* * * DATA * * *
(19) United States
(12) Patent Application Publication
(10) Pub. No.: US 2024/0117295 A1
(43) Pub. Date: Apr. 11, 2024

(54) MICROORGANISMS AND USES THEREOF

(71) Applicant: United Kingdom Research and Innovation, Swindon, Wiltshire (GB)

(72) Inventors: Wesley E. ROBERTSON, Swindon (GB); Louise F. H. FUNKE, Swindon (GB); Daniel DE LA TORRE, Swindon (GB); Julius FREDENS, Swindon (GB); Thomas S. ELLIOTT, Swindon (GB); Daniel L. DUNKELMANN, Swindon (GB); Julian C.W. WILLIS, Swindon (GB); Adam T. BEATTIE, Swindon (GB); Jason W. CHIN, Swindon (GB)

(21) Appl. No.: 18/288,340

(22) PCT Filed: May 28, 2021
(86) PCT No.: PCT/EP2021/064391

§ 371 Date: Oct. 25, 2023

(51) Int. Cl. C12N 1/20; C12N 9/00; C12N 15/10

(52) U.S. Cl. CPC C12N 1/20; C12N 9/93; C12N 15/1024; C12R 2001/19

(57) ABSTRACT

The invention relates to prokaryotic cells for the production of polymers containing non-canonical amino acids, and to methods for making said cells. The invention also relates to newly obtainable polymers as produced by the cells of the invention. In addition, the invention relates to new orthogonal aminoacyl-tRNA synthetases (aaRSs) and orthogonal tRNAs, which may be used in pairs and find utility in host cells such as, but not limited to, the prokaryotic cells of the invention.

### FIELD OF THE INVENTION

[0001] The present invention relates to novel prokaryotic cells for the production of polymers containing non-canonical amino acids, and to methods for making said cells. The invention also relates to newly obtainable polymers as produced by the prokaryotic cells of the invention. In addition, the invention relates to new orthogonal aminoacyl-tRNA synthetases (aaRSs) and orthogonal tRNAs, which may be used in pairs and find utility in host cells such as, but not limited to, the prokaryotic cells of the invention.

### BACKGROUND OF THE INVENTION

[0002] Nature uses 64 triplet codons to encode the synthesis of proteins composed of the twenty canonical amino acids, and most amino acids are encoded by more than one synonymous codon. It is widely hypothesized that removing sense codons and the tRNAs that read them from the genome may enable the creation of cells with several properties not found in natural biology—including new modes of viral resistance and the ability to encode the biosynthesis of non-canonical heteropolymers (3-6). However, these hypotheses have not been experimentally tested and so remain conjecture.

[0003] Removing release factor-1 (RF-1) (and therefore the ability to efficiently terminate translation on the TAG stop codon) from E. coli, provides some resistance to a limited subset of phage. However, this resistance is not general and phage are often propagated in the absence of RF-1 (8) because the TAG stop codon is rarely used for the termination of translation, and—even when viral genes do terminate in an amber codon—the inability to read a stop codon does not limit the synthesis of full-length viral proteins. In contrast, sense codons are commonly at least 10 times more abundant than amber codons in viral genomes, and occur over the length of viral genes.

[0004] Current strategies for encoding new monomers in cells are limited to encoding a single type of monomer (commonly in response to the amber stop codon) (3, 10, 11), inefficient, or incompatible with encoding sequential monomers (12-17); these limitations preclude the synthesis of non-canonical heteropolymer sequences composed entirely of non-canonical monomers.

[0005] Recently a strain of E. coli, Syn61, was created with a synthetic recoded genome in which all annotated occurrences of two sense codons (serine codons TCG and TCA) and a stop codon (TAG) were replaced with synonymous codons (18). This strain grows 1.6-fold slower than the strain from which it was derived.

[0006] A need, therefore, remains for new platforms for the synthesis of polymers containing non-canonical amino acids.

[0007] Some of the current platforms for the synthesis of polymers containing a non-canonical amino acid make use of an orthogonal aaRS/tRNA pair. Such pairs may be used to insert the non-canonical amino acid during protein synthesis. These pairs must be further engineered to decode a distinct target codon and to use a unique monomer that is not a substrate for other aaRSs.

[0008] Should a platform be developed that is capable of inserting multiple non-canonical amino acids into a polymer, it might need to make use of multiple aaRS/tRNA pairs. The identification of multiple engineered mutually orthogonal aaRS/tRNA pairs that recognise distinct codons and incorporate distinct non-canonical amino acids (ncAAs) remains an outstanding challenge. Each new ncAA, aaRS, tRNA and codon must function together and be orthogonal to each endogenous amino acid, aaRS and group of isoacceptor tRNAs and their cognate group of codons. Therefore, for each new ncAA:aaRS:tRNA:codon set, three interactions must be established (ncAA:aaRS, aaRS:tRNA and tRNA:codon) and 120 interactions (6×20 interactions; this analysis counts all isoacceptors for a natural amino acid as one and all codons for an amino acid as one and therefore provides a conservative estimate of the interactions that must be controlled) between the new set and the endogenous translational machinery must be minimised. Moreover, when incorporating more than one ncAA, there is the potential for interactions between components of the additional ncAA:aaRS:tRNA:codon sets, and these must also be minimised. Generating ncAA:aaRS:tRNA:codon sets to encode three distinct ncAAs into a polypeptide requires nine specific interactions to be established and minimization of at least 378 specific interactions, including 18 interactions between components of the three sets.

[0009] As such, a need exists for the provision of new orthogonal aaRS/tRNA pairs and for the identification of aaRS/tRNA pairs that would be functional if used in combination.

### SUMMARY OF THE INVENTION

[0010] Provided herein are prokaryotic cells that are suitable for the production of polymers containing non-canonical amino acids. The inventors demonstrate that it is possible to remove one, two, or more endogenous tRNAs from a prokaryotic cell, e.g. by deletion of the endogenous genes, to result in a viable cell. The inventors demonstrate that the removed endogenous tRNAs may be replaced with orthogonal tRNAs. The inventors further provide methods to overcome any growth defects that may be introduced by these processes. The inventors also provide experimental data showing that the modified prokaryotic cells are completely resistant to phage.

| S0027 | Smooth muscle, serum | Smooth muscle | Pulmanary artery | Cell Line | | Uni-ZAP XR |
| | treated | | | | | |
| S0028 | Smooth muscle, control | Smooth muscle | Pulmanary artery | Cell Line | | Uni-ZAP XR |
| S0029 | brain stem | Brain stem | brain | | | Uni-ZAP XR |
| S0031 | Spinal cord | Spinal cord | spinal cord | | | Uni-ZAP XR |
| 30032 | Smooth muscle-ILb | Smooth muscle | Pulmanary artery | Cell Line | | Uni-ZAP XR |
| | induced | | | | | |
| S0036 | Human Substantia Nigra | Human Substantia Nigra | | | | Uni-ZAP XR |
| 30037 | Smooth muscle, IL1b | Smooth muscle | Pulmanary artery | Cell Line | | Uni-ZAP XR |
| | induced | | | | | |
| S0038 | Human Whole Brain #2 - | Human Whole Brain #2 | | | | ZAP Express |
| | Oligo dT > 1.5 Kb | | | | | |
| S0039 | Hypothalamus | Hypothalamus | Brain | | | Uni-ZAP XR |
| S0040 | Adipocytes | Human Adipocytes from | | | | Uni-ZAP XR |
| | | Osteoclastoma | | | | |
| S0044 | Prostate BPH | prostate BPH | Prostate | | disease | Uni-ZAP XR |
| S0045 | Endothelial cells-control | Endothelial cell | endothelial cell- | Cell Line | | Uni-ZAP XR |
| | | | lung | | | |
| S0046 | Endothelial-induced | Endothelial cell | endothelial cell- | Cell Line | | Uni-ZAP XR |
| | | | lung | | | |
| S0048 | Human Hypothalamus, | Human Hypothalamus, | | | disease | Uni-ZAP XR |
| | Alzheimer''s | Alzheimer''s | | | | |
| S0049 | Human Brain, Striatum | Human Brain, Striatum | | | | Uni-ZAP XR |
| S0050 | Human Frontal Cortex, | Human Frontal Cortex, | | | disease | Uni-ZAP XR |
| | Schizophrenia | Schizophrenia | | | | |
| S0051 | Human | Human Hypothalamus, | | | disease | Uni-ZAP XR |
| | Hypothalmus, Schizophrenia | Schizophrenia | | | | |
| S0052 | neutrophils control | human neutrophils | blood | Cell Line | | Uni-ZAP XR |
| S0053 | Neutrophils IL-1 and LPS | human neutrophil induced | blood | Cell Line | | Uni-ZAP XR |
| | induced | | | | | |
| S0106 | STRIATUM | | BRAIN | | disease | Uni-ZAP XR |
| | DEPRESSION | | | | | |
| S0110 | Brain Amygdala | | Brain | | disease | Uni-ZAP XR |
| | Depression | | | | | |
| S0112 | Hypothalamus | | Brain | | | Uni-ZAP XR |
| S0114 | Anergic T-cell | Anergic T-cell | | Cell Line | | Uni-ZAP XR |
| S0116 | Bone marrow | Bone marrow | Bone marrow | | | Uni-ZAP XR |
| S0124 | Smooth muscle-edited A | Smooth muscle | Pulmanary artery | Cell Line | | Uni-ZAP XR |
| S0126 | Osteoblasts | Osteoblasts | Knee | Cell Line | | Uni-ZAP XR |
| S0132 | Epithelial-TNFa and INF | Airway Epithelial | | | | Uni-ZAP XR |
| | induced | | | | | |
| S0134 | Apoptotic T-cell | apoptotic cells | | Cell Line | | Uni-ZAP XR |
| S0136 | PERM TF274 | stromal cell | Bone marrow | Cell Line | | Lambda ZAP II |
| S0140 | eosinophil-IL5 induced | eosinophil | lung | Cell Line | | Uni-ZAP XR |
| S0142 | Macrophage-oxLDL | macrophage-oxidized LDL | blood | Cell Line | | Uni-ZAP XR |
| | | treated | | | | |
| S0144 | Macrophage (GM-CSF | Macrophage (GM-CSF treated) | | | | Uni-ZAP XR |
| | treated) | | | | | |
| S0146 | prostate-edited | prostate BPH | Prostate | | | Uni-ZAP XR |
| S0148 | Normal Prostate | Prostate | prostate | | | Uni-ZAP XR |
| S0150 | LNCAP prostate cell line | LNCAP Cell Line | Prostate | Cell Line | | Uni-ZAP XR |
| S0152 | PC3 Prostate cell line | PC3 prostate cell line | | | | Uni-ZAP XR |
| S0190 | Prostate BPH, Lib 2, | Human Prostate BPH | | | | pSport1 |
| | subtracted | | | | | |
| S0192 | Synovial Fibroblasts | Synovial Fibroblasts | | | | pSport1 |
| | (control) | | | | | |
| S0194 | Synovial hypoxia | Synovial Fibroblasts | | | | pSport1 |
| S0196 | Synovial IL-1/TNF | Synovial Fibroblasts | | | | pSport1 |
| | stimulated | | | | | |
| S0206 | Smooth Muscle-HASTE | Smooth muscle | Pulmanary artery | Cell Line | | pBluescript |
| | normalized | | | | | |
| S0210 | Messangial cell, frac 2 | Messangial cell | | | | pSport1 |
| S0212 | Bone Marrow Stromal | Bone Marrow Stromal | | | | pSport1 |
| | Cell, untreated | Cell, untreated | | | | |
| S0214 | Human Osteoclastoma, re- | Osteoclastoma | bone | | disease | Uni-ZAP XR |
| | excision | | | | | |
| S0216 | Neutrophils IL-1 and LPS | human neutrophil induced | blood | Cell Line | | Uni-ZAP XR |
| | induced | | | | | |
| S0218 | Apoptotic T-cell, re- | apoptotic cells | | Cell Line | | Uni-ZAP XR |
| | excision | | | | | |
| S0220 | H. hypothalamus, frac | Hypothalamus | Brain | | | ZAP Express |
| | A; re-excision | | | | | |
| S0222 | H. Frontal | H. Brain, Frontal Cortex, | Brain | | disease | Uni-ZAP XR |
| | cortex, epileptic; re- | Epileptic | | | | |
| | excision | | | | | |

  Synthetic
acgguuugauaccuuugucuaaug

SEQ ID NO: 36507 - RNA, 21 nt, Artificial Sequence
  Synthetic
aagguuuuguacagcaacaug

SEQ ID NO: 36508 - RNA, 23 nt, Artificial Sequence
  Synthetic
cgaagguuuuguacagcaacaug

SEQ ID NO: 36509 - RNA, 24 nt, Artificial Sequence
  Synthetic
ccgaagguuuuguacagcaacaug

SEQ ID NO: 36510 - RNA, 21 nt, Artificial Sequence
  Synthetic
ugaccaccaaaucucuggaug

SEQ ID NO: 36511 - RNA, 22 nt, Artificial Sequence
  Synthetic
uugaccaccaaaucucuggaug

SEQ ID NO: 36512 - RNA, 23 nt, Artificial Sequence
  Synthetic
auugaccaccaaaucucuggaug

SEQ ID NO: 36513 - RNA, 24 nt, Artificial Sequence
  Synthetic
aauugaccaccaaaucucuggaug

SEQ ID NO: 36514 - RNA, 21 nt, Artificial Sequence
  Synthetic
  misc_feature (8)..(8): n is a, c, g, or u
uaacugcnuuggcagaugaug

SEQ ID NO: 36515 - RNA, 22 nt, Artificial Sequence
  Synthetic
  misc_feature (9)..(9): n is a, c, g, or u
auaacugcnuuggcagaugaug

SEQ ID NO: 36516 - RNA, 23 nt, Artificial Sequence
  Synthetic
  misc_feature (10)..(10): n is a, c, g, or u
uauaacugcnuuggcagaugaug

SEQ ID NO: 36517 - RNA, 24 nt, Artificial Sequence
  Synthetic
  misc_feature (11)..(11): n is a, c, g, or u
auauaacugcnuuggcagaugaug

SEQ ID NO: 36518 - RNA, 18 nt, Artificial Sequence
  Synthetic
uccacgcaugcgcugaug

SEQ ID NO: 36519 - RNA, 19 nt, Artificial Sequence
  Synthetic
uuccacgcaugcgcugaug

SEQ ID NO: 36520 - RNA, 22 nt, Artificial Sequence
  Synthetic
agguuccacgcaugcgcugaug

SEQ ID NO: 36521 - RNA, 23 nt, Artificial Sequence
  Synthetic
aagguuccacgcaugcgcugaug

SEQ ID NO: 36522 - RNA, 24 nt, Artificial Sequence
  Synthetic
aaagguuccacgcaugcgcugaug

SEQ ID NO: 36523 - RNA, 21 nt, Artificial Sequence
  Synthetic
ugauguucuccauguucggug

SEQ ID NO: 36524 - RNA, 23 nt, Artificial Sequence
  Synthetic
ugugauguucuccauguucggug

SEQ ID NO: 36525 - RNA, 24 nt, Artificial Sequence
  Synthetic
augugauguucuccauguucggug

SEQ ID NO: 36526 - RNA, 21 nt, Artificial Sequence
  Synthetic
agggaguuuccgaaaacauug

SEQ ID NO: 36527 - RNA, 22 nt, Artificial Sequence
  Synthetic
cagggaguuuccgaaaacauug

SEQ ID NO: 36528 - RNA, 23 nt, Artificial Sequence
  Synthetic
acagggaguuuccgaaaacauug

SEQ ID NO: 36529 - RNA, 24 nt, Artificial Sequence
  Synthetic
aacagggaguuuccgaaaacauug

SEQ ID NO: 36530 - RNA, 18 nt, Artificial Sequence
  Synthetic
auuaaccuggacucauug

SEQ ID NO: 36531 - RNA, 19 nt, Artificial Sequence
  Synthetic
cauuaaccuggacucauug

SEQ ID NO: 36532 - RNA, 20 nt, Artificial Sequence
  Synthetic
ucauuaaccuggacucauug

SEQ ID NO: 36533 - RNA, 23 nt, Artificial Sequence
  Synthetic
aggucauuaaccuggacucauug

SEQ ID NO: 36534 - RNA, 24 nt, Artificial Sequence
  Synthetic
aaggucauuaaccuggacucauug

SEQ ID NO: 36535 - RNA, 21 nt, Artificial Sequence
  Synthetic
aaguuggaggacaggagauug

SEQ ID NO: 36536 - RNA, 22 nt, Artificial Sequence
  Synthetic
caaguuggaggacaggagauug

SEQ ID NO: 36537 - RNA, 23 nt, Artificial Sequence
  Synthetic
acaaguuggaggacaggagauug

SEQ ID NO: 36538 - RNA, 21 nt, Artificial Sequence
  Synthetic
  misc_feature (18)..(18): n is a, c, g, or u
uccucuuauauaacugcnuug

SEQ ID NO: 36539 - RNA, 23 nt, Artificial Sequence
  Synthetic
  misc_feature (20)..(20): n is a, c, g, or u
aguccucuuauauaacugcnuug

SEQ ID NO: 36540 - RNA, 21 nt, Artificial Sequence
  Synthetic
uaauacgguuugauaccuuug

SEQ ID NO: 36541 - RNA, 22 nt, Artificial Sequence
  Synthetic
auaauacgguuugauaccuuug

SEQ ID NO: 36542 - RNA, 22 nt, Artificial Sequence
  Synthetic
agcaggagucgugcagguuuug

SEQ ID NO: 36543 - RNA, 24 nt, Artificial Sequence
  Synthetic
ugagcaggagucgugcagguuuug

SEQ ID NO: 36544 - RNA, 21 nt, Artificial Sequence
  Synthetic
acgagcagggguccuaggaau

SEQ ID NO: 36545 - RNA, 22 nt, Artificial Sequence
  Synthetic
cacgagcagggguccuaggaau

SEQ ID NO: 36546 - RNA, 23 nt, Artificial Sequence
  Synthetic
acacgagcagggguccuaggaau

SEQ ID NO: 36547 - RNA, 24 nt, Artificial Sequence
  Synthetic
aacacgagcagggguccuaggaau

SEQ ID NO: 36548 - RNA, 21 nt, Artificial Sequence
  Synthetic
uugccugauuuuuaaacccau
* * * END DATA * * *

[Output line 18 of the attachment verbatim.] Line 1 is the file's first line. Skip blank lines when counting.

### BACKGROUND OF THE INVENTION